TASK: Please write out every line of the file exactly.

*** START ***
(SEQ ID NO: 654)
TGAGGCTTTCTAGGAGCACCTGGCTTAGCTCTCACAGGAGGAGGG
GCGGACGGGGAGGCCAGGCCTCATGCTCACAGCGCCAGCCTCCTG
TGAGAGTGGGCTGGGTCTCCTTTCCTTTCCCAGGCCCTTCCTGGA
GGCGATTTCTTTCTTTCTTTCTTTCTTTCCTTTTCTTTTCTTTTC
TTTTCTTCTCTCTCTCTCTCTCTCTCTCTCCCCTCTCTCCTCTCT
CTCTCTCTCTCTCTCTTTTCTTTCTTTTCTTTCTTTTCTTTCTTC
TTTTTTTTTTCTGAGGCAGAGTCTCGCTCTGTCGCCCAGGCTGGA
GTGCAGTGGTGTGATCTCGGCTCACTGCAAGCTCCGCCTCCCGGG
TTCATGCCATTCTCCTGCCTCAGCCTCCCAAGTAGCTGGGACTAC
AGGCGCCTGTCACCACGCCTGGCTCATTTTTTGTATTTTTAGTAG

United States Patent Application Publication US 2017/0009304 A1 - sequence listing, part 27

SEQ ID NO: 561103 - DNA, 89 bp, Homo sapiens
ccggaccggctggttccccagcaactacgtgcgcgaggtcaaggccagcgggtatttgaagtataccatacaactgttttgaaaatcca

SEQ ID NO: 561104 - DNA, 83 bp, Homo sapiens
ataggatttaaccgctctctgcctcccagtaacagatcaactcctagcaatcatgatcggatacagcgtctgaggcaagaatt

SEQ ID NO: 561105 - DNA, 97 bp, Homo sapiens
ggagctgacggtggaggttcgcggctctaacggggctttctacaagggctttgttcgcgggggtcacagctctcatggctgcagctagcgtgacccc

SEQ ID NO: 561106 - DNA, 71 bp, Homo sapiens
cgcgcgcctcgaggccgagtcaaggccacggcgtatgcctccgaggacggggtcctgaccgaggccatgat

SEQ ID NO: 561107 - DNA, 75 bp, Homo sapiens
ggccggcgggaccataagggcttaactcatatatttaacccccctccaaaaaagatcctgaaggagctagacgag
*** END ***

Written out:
(SEQ ID NO: 654)
TGAGGCTTTCTAGGAGCACCTGGCTTAGCTCTCACAGGAGGAGGG
GCGGACGGGGAGGCCAGGCCTCATGCTCACAGCGCCAGCCTCCTG
TGAGAGTGGGCTGGGTCTCCTTTCCTTTCCCAGGCCCTTCCTGGA
GGCGATTTCTTTCTTTCTTTCTTTCTTTCCTTTTCTTTTCTTTTC
TTTTCTTCTCTCTCTCTCTCTCTCTCTCTCCCCTCTCTCCTCTCT
CTCTCTCTCTCTCTCTTTTCTTTCTTTTCTTTCTTTTCTTTCTTC
TTTTTTTTTTCTGAGGCAGAGTCTCGCTCTGTCGCCCAGGCTGGA
GTGCAGTGGTGTGATCTCGGCTCACTGCAAGCTCCGCCTCCCGGG
TTCATGCCATTCTCCTGCCTCAGCCTCCCAAGTAGCTGGGACTAC
AGGCGCCTGTCACCACGCCTGGCTCATTTTTTGTATTTTTAGTAG

United States Patent Application Publication US 2017/0009304 A1 - sequence listing, part 27

SEQ ID NO: 561103 - DNA, 89 bp, Homo sapiens
ccggaccggctggttccccagcaactacgtgcgcgaggtcaaggccagcgggtatttgaagtataccatacaactgttttgaaaatcca

SEQ ID NO: 561104 - DNA, 83 bp, Homo sapiens
ataggatttaaccgctctctgcctcccagtaacagatcaactcctagcaatcatgatcggatacagcgtctgaggcaagaatt

SEQ ID NO: 561105 - DNA, 97 bp, Homo sapiens
ggagctgacggtggaggttcgcggctctaacggggctttctacaagggctttgttcgcgggggtcacagctctcatggctgcagctagcgtgacccc

SEQ ID NO: 561106 - DNA, 71 bp, Homo sapiens
cgcgcgcctcgaggccgagtcaaggccacggcgtatgcctccgaggacggggtcctgaccgaggccatgat

SEQ ID NO: 561107 - DNA, 75 bp, Homo sapiens
ggccggcgggaccataagggcttaactcatatatttaacccccctccaaaaaagatcctgaaggagctagacgag